GEORGE F. LEE / GLEE@STARBULLETIN.COM
Amy Agbayani, left, listened yesterday as Hale Koa Hotel supervisor Joyce Alcover recalled an incident in which she says she was sexually harassed by a manager.
Groups demand action from Hale Koa Hotel
Activists urge hotel management to act immediately on harassment allegations
One week after five Honolulu women filed formal complaints of sexual harassment by a manager at the Hale Koa Hotel, several Filipino and civil rights groups are demanding more action on their behalf.
The groups, which include the National Association of Federated Filipino American Associations and Friends for Civil Rights, held a rally before the Hale Koa Hotel yesterday morning.
They demanded that management take the complaints more seriously and act on them. The Equal Employment Opportunity office of the U.S. Army, which owns and operates the hotel, already has conducted a preliminary investigation into the women's complaints. It has 180 days to render a decision.
Hale Koa Hotel General Manager John Jefferis says the alleged perpetrator is on leave, and when he returns will be assigned to management duties away from his previous post at the hotel's parking garage. Two of the five complainants still work at the hotel.
Meanwhile, an independent investigator from the U.S. Army's headquarters in Washington, D.C., is slated to come to Hawaii to investigate as well.
Filipino and civil rights groups gathered outside the Hale Koa Hotel yesterday to demand more action from hotel management regarding recent allegations of sexual harassment.
"This is an issue a broad sector of the community wants to watch, monitor and support," said Amy Agbayani, former chairwoman of the Hawaii Civil Rights Commission. "We believe this is not just one case, but a pattern of problems. The senior management seems to have known about these allegations without taking quick action to address them."
Last week, five Honolulu women filed formal complaints with the U.S. Army's Equal Employment Opportunity office, alleging that John "Jack" Lloyd, parking garage manager and at one point hotel EEO counselor, had sexually harassed them.
The Army owns and operates Hale Koa Hotel as well as the surrounding Fort DeRussy area.
Two of the women, including a supervisor, Joyce Alcover, still work at the hotel, while three said they grew frustrated and left their jobs.
Halii Coleman and Ernestine Gonda, two of the complainants who have left the hotel, said that Lloyd made lewd sexual comments and created a hostile environment by having an affair with one of his subordinates, a married woman.
The EEO, which already has conducted a preliminary investigation, has 180 days to render a decision, subject to appeal or a civil lawsuit in U.S. District Court.
Hale Koa's general manager John Jefferis said Lloyd was placed on leave last week, and will return to management duties away from the parking garage until the investigation is complete.
"As soon as we are provided the details and pertinent facts in this matter, a thorough investigation will be conducted and appropriate action taken," said Jefferis.
He added that concerns of ethnic bias raised within the community were especially troublesome. Some of the complainants had alleged they were discriminated against because of their Filipino ancestry as well as female gender.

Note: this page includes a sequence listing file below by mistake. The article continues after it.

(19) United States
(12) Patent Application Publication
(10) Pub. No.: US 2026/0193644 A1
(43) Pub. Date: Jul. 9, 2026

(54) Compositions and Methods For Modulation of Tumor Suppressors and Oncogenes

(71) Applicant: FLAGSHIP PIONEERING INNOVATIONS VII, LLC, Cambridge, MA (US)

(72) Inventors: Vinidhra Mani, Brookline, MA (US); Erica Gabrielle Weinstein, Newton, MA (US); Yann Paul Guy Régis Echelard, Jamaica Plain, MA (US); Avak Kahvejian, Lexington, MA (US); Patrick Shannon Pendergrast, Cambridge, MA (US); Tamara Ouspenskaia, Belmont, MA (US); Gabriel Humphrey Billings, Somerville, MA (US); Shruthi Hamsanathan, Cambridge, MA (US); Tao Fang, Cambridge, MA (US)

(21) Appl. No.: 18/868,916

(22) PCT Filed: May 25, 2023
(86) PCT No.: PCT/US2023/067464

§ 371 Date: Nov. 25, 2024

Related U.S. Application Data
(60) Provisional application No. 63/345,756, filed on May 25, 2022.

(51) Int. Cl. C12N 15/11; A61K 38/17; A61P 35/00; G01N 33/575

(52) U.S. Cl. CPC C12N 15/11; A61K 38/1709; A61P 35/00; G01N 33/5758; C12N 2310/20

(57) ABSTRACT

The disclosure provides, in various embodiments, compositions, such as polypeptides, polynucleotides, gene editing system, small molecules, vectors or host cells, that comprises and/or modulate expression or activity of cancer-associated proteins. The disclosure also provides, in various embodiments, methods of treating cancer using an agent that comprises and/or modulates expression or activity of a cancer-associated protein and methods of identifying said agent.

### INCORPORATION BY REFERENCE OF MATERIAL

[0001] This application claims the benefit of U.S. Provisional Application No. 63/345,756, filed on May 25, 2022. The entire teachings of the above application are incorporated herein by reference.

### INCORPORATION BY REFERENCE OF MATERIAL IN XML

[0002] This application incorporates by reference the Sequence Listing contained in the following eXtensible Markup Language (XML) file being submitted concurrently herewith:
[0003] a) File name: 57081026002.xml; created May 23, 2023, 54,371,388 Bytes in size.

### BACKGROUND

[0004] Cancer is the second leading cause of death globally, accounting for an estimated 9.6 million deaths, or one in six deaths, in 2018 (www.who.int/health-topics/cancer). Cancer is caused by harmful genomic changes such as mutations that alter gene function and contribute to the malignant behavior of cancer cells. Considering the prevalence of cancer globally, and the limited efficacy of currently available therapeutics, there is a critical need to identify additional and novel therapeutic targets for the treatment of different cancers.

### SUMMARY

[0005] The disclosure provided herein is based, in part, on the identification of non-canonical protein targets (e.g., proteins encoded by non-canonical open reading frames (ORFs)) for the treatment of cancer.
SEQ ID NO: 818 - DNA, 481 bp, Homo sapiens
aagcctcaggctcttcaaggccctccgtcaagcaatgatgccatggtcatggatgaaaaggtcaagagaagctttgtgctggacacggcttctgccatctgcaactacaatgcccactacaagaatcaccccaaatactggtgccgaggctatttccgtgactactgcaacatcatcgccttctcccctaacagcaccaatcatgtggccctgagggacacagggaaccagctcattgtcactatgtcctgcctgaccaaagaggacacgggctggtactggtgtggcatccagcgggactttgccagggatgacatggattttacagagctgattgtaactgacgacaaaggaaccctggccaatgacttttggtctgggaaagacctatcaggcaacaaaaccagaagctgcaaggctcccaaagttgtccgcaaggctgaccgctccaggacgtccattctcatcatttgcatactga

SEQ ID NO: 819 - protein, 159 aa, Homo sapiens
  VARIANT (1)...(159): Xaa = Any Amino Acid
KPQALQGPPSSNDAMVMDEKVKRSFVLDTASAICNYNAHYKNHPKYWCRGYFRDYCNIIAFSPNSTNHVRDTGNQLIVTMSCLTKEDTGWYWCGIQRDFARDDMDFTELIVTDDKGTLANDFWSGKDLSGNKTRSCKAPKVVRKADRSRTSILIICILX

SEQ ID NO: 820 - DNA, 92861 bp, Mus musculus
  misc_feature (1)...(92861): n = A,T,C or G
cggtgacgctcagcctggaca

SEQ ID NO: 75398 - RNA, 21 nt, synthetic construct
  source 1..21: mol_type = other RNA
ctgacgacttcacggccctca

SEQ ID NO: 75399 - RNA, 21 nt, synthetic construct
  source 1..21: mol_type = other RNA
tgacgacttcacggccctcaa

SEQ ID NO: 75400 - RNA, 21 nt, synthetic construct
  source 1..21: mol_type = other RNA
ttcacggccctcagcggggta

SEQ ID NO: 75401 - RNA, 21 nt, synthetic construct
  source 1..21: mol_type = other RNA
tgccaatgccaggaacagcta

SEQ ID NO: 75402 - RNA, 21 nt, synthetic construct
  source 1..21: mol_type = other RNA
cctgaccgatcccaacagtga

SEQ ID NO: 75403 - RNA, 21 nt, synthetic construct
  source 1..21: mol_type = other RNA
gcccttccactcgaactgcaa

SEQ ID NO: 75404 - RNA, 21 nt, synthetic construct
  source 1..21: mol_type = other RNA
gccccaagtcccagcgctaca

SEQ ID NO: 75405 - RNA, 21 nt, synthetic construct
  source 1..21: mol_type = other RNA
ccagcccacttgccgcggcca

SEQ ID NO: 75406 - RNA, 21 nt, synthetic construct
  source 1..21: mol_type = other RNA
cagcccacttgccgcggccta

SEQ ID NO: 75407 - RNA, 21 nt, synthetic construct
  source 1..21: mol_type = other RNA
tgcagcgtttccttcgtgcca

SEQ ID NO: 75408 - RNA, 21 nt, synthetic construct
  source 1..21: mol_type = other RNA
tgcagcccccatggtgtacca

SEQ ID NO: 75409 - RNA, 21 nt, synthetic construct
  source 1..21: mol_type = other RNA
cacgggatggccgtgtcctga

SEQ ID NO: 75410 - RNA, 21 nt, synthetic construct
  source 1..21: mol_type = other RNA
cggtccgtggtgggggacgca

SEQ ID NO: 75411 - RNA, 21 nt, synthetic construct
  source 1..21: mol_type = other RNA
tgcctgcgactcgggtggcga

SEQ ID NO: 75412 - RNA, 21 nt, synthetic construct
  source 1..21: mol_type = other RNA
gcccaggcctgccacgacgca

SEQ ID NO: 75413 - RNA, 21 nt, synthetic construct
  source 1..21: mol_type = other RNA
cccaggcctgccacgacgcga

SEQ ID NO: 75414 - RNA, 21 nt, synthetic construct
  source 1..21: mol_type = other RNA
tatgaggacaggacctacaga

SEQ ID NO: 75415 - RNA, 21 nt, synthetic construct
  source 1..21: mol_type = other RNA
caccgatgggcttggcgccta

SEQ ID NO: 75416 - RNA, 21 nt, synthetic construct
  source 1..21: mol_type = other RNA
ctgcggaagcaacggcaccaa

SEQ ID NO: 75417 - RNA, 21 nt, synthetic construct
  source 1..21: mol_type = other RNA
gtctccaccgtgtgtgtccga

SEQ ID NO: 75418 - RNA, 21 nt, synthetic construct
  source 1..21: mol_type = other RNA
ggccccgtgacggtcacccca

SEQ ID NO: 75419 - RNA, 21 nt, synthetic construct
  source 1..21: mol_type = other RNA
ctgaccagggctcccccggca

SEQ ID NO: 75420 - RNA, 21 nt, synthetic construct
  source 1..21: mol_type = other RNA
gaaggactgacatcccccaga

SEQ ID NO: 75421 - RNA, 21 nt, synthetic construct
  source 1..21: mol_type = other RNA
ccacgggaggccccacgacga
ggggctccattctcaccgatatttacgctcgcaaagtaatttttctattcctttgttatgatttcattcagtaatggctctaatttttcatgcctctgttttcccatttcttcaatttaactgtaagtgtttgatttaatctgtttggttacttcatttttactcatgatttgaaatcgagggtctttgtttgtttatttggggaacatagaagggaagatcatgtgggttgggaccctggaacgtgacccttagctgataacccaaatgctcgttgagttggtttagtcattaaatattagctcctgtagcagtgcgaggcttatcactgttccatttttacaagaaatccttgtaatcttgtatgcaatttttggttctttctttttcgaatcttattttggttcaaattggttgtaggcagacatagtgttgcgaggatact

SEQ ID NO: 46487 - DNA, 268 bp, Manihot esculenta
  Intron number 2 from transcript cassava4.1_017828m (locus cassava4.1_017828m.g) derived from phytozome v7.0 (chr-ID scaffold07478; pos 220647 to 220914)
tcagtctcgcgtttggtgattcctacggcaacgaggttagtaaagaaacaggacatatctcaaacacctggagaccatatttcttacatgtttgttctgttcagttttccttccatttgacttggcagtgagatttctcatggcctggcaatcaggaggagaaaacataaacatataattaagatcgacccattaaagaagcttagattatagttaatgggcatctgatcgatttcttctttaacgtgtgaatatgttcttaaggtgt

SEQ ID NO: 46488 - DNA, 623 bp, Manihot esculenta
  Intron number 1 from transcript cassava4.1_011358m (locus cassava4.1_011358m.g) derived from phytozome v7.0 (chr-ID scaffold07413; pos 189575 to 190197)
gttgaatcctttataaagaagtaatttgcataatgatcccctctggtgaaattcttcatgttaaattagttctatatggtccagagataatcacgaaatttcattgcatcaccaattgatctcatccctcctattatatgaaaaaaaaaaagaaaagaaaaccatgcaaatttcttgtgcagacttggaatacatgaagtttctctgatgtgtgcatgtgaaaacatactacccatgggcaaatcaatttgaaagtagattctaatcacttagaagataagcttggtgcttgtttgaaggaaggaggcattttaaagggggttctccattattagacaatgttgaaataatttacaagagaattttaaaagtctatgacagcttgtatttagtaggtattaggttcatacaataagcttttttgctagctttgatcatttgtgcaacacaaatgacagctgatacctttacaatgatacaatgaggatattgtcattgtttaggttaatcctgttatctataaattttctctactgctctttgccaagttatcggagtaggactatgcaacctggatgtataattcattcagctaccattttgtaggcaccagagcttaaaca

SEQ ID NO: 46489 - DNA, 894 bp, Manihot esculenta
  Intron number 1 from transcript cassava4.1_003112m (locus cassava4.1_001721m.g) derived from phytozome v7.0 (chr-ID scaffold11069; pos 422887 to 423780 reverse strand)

"I've not heard of such concerns in my 13 years at the Hale Koa Hotel," he said. "The Hale Koa 'ohana' has developed over 32 years in unselfish service to our military guests based on mutual respect and treatment of individuals rather than by ethnic group."
GEORGE F. LEE / GLEE@STARBULLETIN.COM
Above, Amy Agbayani, second from right, and the Rev. Alan Mark showed solidarity yesterday with Hale Koa Hotel workers who have filed sexual harassment complaints.
An independent investigator from the U.S. Army's headquarters in Washington, D.C., will be looking into the case, he said.
Last week, Jefferis met with the community groups and said he would try to update them on the investigation within three weeks.
But Agbayani said the Hale Koa needs to take further steps to show they are taking the allegations seriously. Many of the workers are immigrants of Filipino descent, she said, and therefore afraid of losing job security.
"We're not out to look for cases or to make frivolous complaints," she said. "But we're supporting their right to come forward."
A very clear pattern of intimidation is evident, said Alan Mark, a reverend and president of Faith Action for Community Equity, or FACE.
Rosa Domasing, a former Hale Koa worker, came forward at yesterday's rally to say she had been sexually assaulted in a storage room 10 years ago.
Domasing, who left the hotel after two years of employment, says that the supervisor asked her to follow him to a dark storage room, then pushed her inside, and started kissing and fondling her.
She complained to her supervisor at the time, and was informed it would never happen again. However, news of the recent allegations angered her enough to recount her story.
Alcover said she was retaliated against for her complaints, and that management tried to cover it up.
"It's really hard," she said. "But I feel that I have to help these people by coming out. Why should I quit? If I love my job and I can do my job, why should I quit? Management should take these people out."
She added: "What if it happens to the next person and then the next?"
Groups present at the rally yesterday included FACE, the National Association of Federated Filipino American Associations, and Friends for Civil Rights.